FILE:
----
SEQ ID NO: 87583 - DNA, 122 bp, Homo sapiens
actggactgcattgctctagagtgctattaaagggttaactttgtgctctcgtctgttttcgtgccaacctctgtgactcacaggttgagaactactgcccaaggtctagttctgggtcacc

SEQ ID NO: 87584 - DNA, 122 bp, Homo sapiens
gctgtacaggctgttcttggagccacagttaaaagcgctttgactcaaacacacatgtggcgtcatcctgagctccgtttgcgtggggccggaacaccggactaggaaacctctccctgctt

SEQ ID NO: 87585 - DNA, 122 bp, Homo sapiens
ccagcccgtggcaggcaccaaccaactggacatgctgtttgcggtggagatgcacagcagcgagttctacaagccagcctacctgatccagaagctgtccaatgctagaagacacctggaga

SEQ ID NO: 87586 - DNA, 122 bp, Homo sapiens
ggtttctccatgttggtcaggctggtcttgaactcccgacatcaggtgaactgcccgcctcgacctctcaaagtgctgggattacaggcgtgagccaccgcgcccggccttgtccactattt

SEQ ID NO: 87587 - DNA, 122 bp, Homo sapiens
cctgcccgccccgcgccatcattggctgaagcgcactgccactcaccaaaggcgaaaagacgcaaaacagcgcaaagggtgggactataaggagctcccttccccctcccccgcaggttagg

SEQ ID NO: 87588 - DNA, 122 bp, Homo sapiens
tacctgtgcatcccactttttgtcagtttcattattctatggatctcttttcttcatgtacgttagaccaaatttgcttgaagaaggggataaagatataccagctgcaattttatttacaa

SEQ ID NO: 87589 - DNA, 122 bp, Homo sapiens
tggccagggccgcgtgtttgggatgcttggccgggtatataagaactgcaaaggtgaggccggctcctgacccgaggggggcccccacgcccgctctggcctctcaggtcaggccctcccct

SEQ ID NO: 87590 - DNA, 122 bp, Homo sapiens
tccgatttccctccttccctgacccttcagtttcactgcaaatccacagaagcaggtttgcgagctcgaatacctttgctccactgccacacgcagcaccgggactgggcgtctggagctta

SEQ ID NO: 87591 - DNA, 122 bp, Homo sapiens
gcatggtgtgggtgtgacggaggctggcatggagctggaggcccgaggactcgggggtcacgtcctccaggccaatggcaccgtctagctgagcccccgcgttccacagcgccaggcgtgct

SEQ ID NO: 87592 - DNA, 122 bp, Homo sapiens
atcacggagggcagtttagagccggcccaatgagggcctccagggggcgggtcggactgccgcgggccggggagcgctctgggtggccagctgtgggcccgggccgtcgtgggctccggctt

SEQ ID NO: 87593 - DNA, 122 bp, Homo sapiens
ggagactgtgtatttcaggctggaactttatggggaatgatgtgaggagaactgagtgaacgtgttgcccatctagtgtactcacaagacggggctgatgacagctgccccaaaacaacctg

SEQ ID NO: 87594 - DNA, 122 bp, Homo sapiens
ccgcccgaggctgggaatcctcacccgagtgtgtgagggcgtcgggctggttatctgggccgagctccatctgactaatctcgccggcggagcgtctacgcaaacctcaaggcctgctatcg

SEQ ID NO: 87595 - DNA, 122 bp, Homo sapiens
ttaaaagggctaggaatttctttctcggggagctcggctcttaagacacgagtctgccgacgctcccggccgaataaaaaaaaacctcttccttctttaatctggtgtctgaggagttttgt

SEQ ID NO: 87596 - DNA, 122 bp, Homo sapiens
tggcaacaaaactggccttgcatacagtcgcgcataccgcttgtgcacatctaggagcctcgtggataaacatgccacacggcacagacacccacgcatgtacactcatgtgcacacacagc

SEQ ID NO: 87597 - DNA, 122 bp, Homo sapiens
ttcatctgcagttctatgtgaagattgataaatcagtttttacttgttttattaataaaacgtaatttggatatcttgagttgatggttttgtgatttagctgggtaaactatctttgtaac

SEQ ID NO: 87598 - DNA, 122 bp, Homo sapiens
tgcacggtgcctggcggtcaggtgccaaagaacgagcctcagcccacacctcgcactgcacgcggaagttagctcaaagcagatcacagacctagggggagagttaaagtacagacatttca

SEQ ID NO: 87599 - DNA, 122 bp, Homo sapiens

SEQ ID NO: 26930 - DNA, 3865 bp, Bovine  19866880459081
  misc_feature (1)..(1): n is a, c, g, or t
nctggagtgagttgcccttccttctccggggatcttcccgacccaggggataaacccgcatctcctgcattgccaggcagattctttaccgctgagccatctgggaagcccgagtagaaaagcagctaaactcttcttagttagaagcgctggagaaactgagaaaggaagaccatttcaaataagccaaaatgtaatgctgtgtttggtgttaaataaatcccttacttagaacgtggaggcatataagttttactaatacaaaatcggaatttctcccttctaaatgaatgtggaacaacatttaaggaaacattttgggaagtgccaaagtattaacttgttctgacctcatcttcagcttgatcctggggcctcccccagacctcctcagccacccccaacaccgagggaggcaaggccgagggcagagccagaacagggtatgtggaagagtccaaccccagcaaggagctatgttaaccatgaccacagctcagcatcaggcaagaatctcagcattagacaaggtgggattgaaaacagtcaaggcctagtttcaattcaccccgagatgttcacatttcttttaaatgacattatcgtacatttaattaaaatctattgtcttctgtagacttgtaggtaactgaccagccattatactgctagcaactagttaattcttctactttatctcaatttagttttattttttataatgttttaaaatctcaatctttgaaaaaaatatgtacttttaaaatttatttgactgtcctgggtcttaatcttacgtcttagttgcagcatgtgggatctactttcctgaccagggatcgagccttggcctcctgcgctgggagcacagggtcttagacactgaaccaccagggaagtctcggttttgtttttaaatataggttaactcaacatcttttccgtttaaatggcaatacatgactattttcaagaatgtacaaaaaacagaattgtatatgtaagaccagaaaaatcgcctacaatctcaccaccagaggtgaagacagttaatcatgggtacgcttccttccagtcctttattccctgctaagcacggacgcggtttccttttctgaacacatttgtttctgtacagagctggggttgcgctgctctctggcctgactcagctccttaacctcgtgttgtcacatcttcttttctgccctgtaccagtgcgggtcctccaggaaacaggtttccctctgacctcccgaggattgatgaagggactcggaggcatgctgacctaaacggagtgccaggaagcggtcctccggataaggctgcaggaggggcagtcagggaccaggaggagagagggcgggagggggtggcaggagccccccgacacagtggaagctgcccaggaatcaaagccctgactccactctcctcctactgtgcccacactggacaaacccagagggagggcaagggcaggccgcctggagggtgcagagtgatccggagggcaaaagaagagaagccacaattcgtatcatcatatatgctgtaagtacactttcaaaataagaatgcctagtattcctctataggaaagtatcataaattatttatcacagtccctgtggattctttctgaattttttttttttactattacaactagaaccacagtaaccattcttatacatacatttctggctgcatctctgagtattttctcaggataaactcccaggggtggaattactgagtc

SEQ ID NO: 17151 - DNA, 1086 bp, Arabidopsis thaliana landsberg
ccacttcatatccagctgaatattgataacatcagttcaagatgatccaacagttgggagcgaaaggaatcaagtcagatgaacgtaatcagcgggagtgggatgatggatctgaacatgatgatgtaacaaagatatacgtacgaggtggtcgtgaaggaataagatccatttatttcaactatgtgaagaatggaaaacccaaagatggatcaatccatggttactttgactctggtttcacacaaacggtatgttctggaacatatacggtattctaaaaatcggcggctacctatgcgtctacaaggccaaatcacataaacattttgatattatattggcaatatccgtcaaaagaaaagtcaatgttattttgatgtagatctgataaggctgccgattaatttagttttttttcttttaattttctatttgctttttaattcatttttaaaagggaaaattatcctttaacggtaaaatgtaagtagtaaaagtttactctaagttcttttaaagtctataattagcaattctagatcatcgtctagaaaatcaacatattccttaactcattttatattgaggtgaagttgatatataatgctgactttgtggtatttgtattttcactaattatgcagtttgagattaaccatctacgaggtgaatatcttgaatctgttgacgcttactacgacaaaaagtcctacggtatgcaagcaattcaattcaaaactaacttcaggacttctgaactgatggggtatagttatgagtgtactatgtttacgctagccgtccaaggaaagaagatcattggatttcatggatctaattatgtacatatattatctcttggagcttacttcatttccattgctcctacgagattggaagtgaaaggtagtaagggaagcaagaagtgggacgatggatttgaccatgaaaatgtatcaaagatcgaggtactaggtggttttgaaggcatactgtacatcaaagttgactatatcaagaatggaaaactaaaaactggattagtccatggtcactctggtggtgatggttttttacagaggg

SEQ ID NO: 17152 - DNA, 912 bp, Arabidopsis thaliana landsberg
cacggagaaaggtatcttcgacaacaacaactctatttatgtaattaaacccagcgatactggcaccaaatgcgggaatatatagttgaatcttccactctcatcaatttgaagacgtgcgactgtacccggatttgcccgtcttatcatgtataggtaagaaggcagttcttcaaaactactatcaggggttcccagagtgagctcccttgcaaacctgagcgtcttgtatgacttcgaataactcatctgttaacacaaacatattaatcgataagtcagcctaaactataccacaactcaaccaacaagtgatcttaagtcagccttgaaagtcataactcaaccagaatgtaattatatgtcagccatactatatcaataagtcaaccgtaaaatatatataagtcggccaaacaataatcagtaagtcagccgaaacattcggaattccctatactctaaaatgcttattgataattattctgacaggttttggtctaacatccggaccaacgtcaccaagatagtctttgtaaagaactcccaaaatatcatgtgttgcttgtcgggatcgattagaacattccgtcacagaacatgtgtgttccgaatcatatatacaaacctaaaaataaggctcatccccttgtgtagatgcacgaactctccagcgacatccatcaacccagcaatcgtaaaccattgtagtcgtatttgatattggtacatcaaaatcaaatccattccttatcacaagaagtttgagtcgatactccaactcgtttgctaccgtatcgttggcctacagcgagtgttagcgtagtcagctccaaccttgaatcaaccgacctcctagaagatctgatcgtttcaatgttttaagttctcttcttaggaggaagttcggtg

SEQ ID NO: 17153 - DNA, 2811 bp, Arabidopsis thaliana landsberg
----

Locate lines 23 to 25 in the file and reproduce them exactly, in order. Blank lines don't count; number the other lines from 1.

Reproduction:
SEQ ID NO: 87594 - DNA, 122 bp, Homo sapiens
ccgcccgaggctgggaatcctcacccgagtgtgtgagggcgtcgggctggttatctgggccgagctccatctgactaatctcgccggcggagcgtctacgcaaacctcaaggcctgctatcg

SEQ ID NO: 87595 - DNA, 122 bp, Homo sapiens